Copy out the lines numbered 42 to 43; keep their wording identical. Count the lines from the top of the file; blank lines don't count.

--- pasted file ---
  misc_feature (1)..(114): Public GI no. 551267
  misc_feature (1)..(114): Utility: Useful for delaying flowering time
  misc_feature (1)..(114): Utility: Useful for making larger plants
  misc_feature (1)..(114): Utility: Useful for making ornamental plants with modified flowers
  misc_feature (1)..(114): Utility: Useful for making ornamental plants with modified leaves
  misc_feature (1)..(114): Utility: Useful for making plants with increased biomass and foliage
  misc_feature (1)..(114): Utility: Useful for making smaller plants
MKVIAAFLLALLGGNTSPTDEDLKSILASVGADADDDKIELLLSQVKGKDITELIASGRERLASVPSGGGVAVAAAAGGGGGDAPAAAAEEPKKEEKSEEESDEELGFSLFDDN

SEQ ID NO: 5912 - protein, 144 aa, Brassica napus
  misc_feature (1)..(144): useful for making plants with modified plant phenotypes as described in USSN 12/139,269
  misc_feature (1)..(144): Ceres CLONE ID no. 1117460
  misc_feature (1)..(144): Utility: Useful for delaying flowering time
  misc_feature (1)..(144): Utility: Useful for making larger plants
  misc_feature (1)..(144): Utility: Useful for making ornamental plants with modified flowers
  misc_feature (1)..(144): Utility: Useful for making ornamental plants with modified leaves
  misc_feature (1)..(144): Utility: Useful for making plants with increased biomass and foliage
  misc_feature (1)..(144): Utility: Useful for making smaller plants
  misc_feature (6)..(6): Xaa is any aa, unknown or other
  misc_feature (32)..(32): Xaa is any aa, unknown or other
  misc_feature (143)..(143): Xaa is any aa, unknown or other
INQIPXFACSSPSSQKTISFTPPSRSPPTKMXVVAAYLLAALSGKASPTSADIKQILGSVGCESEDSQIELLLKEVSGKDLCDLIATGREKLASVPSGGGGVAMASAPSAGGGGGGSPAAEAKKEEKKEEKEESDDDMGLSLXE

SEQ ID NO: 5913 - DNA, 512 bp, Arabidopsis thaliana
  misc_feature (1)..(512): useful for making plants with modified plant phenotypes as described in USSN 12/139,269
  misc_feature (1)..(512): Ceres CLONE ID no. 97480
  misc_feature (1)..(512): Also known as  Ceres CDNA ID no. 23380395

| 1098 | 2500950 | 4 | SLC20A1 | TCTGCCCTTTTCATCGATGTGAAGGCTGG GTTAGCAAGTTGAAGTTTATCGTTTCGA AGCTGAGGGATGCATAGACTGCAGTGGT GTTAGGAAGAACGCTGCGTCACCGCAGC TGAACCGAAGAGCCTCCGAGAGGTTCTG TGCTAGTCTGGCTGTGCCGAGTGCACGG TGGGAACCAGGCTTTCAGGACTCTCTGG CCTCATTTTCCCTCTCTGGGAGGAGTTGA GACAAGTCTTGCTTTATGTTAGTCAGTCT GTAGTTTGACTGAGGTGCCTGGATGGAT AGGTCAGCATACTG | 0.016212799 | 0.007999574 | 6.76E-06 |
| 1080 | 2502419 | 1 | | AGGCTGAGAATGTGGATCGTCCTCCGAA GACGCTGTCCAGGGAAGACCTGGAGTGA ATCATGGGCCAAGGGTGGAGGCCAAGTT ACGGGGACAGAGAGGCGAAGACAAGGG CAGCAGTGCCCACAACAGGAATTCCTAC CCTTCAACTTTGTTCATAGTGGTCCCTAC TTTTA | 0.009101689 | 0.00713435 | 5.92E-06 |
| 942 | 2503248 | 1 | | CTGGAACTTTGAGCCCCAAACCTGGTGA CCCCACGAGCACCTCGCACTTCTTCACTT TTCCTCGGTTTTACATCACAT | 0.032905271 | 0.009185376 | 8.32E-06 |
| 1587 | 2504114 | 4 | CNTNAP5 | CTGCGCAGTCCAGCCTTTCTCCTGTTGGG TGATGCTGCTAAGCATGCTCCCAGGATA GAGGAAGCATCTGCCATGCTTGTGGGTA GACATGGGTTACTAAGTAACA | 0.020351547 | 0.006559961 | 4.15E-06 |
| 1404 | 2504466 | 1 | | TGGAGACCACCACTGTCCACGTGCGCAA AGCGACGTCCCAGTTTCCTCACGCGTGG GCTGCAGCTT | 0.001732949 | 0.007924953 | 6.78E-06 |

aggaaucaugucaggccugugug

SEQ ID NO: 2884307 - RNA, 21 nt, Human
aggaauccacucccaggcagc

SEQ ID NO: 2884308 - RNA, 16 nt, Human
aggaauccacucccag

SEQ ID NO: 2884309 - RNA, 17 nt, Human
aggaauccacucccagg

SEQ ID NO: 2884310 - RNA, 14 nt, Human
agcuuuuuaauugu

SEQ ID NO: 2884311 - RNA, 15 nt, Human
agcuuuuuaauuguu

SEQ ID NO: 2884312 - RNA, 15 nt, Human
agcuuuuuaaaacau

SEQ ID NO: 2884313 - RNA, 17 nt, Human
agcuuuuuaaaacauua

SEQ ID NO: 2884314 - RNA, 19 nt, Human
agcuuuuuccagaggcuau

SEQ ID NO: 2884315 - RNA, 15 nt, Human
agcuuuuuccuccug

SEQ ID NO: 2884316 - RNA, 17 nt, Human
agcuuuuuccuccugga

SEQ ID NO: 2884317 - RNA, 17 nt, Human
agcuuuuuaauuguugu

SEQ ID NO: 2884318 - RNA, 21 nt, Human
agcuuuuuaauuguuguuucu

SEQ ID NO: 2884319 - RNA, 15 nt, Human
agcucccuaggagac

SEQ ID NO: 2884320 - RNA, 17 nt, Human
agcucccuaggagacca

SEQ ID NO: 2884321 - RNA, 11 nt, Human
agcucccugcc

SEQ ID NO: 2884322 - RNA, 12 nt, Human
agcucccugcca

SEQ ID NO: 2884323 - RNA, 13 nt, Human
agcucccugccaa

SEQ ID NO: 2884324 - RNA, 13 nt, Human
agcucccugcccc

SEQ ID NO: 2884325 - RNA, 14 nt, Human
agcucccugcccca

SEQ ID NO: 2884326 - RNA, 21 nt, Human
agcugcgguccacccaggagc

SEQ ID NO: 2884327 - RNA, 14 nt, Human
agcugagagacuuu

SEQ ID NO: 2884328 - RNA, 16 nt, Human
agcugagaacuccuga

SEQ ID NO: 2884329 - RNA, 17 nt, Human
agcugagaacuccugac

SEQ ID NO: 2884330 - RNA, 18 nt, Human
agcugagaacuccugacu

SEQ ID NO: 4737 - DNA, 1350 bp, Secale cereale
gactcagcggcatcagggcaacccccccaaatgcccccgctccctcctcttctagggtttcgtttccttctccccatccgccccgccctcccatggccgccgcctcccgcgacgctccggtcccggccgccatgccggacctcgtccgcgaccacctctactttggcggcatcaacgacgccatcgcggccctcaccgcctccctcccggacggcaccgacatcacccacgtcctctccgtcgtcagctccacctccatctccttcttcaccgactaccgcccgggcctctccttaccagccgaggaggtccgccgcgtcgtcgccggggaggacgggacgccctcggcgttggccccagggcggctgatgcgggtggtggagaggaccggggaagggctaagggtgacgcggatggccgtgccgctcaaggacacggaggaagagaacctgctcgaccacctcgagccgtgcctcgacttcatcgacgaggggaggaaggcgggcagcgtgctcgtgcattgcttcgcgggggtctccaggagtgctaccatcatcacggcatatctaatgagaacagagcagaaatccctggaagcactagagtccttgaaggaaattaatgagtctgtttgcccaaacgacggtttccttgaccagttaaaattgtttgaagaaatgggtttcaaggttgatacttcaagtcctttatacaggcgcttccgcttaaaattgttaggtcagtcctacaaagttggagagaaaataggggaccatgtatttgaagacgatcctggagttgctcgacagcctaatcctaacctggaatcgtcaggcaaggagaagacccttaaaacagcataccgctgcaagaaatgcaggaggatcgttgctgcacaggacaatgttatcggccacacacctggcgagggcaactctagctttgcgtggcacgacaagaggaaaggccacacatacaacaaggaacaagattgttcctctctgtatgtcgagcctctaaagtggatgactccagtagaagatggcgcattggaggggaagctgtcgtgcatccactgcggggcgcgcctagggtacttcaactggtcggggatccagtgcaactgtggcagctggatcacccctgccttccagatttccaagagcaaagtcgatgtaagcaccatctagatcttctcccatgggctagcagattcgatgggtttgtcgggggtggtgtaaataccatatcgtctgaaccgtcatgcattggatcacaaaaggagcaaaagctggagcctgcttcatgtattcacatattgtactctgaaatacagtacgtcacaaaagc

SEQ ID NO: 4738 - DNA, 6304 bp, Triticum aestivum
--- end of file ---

SEQ ID NO: 2884312 - RNA, 15 nt, Human
agcuuuuuaaaacau